Abstract submitted to the ESRA Conference, Prague, June 2007

Studying human populations. A new curriculum for social statistics

Presenter: Nicholas T. Longford, SNTL, Reading, England

Email: ntl@sntl.co.uk

The presentation, based on a monograph recently submitted for publication, describes a new curriculum for social statistics centred around the basic concepts of sampling and measurement. Statistics is defined as making decisions in the presence of uncertainty which arises as a consequence of limited resources at our disposal. By resources, we mean not only finance, but also time, expertise, instruments, goodwill and availability of the respondents, and the like. If these were not limited, the entire population that we study could be enumerated -- the values of the key variable(s) established for every one of its members. With limited resources, we have to resort to short-cuts: sampling (observing only a sample from the population) and imperfect measurement (recording the values of a manifest instead of the latent variable). This motivates two central topics: sampling methods and the study of measurement processes.

Statistical models can be introduced as descriptions of infinite populations, which are usually considered as a matter of convenience. To promote integrity, an admission is made upfront that linearity of the models is adopted as a matter of analytical convenience. Sampling methods and model-based estimation represent two distinct perspectives: in sampling, the values of the variables on the population are regarded as fixed, and the act of inclusion into the sample is the sole source of uncertainty; in model-based methods, the values of the outcome variable(s) are regarded as random. The Bayesian paradigm is introduced to complement these two perspectives; in Bayesian analysis, all observed quantities are regarded as fixed and all quantities with unknown values as random.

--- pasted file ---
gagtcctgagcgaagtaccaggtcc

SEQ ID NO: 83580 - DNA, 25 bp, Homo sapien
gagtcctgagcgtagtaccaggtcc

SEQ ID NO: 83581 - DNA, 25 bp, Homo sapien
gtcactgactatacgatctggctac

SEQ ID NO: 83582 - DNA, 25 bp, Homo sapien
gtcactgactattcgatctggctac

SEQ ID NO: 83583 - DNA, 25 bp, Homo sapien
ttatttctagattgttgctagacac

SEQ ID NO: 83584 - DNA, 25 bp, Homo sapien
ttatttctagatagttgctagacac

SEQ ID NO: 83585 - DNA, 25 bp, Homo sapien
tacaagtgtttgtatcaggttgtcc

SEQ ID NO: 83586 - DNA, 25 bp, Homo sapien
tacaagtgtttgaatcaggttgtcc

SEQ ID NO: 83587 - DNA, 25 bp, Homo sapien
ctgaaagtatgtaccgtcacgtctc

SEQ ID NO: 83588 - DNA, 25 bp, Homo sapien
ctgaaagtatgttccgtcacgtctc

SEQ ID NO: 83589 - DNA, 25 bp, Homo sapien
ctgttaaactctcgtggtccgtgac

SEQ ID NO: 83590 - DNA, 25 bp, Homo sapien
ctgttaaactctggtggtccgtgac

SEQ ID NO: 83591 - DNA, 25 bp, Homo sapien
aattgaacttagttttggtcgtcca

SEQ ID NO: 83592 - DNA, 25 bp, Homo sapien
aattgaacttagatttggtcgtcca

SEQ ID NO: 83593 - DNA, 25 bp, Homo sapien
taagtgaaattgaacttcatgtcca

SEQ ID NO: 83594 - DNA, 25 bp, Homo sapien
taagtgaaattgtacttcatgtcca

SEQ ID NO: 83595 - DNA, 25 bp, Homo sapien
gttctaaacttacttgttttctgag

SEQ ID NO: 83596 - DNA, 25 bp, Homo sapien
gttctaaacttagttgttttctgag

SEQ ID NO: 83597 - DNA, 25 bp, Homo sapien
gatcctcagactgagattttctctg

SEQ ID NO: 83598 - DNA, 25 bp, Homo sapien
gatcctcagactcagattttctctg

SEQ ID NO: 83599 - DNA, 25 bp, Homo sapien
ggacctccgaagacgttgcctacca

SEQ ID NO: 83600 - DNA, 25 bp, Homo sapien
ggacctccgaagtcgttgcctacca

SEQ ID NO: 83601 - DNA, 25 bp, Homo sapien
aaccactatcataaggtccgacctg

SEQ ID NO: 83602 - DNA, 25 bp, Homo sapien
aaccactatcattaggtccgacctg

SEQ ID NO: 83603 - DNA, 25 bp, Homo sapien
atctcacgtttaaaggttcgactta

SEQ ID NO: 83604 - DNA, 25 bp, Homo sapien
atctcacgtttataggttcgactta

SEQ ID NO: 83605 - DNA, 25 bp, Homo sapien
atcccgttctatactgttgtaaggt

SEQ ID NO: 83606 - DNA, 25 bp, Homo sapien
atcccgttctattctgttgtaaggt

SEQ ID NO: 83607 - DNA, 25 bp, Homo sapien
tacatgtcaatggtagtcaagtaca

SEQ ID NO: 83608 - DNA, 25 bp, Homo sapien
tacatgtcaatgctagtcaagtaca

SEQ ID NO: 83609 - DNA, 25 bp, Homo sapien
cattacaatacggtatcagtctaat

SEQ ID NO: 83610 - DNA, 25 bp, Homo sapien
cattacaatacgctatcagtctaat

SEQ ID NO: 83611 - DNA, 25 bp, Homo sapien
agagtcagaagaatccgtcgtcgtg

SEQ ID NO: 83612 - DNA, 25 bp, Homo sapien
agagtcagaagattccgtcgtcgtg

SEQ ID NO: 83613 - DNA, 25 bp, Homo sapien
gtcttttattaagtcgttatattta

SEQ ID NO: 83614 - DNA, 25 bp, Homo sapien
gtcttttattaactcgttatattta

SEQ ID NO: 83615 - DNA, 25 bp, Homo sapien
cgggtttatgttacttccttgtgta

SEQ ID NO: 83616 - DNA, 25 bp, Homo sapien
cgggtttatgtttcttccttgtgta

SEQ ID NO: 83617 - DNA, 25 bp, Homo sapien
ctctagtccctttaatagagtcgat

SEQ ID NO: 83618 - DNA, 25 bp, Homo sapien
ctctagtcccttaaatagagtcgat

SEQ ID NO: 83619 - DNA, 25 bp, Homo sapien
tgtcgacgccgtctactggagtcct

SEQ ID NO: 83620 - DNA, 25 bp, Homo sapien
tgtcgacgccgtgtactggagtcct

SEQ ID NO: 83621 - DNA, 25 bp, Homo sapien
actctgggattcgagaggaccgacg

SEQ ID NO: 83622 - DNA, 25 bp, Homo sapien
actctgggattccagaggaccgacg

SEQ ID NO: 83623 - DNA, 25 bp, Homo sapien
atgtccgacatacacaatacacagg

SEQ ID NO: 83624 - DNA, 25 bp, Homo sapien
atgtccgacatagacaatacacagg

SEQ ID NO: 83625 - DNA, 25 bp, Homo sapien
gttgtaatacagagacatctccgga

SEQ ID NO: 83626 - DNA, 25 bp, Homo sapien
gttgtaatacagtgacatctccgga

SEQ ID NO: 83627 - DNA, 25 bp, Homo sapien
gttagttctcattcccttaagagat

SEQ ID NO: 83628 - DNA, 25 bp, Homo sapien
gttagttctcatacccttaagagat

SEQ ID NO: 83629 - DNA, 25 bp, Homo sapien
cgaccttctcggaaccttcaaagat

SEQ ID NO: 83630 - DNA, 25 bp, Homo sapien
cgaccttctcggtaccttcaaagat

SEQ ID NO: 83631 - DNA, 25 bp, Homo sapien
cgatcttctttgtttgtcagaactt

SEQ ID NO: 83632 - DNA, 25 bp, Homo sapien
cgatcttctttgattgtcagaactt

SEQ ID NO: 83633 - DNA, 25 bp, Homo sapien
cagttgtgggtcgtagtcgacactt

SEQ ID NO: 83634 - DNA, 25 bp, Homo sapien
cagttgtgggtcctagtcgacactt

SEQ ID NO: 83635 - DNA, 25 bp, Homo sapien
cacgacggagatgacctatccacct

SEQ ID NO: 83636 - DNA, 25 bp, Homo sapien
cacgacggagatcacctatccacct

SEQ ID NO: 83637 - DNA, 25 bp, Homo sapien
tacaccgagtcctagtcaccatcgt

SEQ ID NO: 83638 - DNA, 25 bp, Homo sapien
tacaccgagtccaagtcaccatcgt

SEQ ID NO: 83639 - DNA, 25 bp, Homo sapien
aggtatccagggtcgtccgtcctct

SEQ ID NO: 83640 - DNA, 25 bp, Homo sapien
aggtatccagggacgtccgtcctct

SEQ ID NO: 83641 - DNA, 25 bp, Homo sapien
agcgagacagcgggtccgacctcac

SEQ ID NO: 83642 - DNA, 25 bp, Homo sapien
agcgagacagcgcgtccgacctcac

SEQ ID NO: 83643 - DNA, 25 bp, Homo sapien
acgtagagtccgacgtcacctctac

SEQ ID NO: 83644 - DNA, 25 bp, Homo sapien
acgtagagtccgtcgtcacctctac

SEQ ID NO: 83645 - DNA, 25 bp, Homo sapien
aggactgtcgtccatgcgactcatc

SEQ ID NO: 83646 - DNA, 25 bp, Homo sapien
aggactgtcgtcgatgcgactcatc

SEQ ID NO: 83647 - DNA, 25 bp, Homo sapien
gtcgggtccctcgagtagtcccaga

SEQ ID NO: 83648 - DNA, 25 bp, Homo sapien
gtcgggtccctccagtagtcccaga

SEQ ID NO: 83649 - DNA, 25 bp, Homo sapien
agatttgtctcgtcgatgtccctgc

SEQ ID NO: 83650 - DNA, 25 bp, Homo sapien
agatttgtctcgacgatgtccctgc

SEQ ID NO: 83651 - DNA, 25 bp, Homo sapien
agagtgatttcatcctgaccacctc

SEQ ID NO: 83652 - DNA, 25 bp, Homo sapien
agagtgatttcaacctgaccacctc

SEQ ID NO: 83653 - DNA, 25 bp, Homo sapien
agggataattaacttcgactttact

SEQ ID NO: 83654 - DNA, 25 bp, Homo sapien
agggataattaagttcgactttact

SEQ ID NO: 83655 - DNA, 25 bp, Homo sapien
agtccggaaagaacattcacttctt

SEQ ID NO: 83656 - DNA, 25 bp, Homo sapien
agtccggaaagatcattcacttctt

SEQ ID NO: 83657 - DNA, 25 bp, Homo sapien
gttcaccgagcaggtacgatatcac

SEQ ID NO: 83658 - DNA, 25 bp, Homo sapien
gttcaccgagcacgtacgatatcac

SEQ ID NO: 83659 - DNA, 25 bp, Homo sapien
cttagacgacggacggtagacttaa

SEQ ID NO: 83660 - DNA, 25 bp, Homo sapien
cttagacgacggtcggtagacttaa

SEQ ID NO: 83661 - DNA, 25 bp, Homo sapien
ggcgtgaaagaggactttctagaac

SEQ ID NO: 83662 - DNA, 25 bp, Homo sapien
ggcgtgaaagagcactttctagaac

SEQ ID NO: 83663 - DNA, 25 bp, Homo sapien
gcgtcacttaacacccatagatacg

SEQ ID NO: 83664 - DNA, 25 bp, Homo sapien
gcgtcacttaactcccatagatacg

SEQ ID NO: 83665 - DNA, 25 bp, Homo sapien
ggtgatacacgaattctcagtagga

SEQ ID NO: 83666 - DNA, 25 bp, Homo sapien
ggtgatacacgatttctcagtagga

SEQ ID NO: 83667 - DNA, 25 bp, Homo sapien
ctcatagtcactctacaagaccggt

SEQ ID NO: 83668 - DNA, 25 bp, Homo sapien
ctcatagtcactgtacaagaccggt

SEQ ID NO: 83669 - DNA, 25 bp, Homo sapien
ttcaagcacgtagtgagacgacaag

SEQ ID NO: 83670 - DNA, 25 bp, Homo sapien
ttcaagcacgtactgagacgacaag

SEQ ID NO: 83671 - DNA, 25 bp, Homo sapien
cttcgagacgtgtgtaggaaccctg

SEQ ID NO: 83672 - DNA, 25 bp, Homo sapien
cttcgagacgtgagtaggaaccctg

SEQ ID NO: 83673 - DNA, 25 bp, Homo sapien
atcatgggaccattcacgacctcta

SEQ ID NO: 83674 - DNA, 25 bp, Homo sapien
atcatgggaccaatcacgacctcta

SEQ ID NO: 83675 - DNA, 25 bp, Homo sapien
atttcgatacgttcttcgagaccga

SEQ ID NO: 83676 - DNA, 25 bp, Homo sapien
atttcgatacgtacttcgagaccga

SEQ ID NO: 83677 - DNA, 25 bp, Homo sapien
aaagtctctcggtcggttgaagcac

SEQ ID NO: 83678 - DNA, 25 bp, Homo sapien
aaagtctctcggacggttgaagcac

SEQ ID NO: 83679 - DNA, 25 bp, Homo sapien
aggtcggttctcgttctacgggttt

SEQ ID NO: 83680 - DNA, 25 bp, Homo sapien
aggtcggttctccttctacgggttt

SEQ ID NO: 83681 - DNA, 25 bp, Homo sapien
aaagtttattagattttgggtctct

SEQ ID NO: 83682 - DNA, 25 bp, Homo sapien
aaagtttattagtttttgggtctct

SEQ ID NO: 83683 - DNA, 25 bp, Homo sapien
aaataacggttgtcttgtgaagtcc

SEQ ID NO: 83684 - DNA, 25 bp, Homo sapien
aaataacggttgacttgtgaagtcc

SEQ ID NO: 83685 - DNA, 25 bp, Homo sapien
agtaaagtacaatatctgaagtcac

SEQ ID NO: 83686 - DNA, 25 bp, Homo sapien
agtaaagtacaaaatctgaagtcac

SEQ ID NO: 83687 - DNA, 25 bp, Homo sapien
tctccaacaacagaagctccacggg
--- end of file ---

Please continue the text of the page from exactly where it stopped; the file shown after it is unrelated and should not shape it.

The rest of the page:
Non-response or, more generally, failure to collect the data as per plan, is a ubiquitous problem in all large-scale studies of human populations, and methods for dealing with it are indispensable for a statistical analyst. The curriculum follows the innovative research on the EM algorithm and multiple imputation by Don Rubin and his ex-students, and introduces some less standard applications of their missing-data principle. One of them is a general method for dealing with imperfect measurement: the values of the latent variable are treated as the missing information.

With limited resources in mind, the necessity for study design, in all its aspects (sampling, questionnaire, measurement, coding, collation of auxiliary information, and the like) is emphasised. Experimental design is introduced as the setting in which the assignment of the values of some or all of the variables is under the designer's control, and can be randomised. Without it, making causal inferences is very difficult and requires some unverifiable assumptions. In observational studies, to which we resort when experimental design cannot be exercised, the focus rests on the assignment process. The definition of potential outcomes is introduced, connected to sampling methods, and treated as another example of incompleteness.

Advanced or specialised topics include clinical trials, multilevel analysis, generalized linear models and meta-analysis. In general, hypothesis testing is de-emphasised because it is not conducive to making good decisions.

May 2007